Wednesday, November 20, 2013

Who Are You Talking To? (The Lord's Prayer, Part I)

"Abba, Father, all things are possible for Thee. Take away this cup from Me. Nevertheless, not what I will, but what Thou will." Mark 14:36

Can you hear me now?
I have found that there is nothing on earth harder to do well than prayer. The potential for it to slide into pointless formality or mind-numbing list-checking is enormous. How often have we felt like we're talking to the air? To ourselves? We hear tales of prayer that is this wondrous, intimate thing with God, a time for real-life conversation with the Divine. Then we get to it (perhaps full of enthusiasm) and by the end we feel as if we've wasted everyone's time. Maybe moments do come where we "find the right words" and the communication and communion feel sweet and real, but those moments seem rare and fleeting at best, and we are unprophetic to both their comings and goings as well as the mechanisms that actualize them. Another clumsy session, immediately following a successful venture, makes the frustration even more acute.

There are many good books on prayer, but something must be said first over and against all books: there is no such thing as a singular "right way" to pray anymore than there is a singular "right way" to talk to your lover or best friend. Yes, there are things you ought to avoid in either case, like making the whole conversation about yourself (something Jesus spoke against in Luke 18:9-14); but to claim a singular "right way" to pray is the fastest way to make the whole thing empty and formulaic. Prayer is having a conversation with God, and it is built on the relationship you have with Him, and nothing kills conversation and stunts relationships better than sticking to formula every single time.

"I'm the map!"
So there is no one "right way" to pray, but that does not mean that there are no guidelines to help us out. Not having a "right way" to pray can be as big a problem as sticking to the same stale formula forever. Thus is our dilemma: we want our prayers to be sincere and organic, and yet we find articulation difficult: we hardly know what we really want, much less how to put it into words. A formula is no good, but some pointers would still be nice, and I think Jesus provides some good ones in His own prayer to God. There's a lot going on in this passage, but there are at least three practical things we can take away for our own prayer life.

The first thing Jesus does is acknowledge who God is. He calls Him "Abba, Father" and says, "all things are possible" with Him. The nature of God's Fatherhood and Omnipotence are topics in and of themselves, but the point here is that Jesus knows and recognizes God as those things. Again, this is not to be formulaic. This is not about picking a random divine attribute or two out of a hat and prefacing yourself with it. It is not about acknowledging who God is in general, but rather acknowledging who He is to you specifically. How has He made Himself known to you, in your actual life and experience? Remember: conversations are built on relationships, so what has your relationship with Him revealed Him to be?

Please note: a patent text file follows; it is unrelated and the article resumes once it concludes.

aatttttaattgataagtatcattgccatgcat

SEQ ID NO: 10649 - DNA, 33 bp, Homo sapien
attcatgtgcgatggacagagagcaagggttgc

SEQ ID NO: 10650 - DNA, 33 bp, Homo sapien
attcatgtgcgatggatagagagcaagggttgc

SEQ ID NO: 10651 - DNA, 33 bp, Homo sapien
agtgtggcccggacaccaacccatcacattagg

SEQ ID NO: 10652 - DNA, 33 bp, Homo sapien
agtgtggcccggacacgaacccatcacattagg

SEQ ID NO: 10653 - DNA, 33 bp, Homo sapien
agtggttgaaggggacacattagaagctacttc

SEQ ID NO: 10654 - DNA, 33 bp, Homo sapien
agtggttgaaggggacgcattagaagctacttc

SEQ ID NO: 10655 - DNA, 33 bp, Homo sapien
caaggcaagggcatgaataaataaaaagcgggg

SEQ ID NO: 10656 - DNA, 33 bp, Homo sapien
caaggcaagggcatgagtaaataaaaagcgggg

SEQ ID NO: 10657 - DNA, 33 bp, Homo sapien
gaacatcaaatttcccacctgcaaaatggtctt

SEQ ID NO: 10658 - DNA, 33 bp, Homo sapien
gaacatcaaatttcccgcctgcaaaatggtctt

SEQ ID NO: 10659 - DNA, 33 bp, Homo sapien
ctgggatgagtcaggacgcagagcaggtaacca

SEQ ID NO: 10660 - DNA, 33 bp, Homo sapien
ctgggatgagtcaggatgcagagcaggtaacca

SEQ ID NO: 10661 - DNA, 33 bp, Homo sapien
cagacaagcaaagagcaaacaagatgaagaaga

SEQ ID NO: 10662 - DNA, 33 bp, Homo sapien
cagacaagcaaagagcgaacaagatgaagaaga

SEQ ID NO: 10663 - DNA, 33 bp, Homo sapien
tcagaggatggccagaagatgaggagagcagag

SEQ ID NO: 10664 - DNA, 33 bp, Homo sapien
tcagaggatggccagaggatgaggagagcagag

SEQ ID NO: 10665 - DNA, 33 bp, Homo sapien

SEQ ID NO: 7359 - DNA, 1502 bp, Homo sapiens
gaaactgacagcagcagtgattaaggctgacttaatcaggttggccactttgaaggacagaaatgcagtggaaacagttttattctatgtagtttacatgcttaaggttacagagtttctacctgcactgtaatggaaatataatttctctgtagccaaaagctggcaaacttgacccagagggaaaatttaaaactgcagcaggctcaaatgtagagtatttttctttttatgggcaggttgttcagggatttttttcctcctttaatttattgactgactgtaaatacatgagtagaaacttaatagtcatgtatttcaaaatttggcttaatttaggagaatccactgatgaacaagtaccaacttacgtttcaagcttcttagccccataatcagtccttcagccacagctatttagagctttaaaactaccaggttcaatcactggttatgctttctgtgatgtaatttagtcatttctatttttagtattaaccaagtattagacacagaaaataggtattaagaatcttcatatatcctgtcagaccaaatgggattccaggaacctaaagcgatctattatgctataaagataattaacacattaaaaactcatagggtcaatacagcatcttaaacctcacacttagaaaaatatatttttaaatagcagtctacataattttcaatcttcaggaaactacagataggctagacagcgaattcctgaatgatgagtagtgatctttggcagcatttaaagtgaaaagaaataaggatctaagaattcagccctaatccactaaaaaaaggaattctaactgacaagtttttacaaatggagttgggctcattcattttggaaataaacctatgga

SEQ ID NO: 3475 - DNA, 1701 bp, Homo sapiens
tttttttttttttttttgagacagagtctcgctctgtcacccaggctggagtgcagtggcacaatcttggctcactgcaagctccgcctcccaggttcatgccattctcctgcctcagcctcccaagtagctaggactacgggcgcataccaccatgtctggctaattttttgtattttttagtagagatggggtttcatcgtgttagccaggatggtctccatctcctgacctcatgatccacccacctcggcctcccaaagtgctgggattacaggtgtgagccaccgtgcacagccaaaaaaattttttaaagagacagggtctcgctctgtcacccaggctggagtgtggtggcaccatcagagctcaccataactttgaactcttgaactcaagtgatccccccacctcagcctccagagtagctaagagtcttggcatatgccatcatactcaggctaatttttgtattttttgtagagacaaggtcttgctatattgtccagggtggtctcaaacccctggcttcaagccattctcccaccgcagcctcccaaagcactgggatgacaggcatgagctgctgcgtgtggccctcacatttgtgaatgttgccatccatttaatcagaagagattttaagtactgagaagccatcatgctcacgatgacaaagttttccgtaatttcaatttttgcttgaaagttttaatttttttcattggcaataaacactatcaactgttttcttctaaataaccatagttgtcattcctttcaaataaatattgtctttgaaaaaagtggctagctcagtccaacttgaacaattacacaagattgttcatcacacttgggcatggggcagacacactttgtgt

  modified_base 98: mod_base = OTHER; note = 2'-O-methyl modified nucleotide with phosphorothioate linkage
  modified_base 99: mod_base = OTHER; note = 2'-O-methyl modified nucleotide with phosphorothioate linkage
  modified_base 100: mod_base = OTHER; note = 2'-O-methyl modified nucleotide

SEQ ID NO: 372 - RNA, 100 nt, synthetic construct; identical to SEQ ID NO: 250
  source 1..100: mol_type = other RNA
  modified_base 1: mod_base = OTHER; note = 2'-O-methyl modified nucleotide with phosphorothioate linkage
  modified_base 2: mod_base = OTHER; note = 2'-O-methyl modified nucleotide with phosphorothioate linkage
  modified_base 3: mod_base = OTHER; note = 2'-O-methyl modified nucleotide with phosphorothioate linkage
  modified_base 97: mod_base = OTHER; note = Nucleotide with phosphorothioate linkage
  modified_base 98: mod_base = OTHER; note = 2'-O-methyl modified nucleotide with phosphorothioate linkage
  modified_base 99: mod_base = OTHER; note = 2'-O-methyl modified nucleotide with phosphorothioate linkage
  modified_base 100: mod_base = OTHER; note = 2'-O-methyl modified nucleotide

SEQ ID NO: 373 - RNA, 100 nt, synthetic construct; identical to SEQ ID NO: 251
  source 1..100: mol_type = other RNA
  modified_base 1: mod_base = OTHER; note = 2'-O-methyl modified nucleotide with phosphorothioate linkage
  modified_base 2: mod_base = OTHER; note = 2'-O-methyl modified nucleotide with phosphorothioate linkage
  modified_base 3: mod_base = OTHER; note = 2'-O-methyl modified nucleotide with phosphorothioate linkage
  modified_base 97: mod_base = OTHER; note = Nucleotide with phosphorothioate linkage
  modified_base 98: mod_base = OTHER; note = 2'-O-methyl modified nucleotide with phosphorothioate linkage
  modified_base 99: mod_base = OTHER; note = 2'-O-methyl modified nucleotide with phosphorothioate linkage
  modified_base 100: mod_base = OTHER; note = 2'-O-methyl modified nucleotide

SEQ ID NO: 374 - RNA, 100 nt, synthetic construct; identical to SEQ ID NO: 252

"I see you as no one else does."
This is not about uncritical subjectivism. Who God truly is to anybody will never go against who He has revealed Himself to be in His word. However, that does not mean that everyone will truly know or understand God the exact same way as everybody else, because we are all different. Personality and temperament and history and culture and other intangibles make no two people the same, and thus no two people ever like the same thing the same exact way. Thus, how you view God, what and who you understand Him to be, though it ought not to contradict His word (which is His authoritative declaration of Himself), it may very well contradict other people.

What relationship is at work here?
Who God is to us specifically will shape our prayer life, because it shapes who we think we're talking to. In day-to-day conversation, who you're talking to shapes how you talk to them, whether they're a friend, family, stranger, or enemy. Who they are to you shapes your conversation, even your initial acknowledgement ("Hey, you." "Hey, babe." "Hello. Can I help you?" "What do you want?" etc.). So who is God to you? Who has He revealed Himself to be in your life, in your daily relationship with and experience of Him? If you know, then you can begin by acknowledging Him as such. In a way, you're reminding yourself who you're talking to, which can help shape the conversation to what it ought to be. On the other hand, if you don't know who He is to you yet, or you're not quite sure, then that's a perfect thing to start praying for.

-Jon Vowell (c) 2013

1 comment:

  1. I would also say that when we view God in different ways, it is because he is so much bigger and higher than us and has so many different facets. No one person (or group of people) can ever hope to fully know or understand him. Thus we each see different aspects of him. The danger comes in assuming that those aspects are the only ones that are valid and/or true. Such as, "Oh, I've never experienced God that way, so He can't possibly be that way", etc.

    Anyway. Good points all. I enjoyed this one.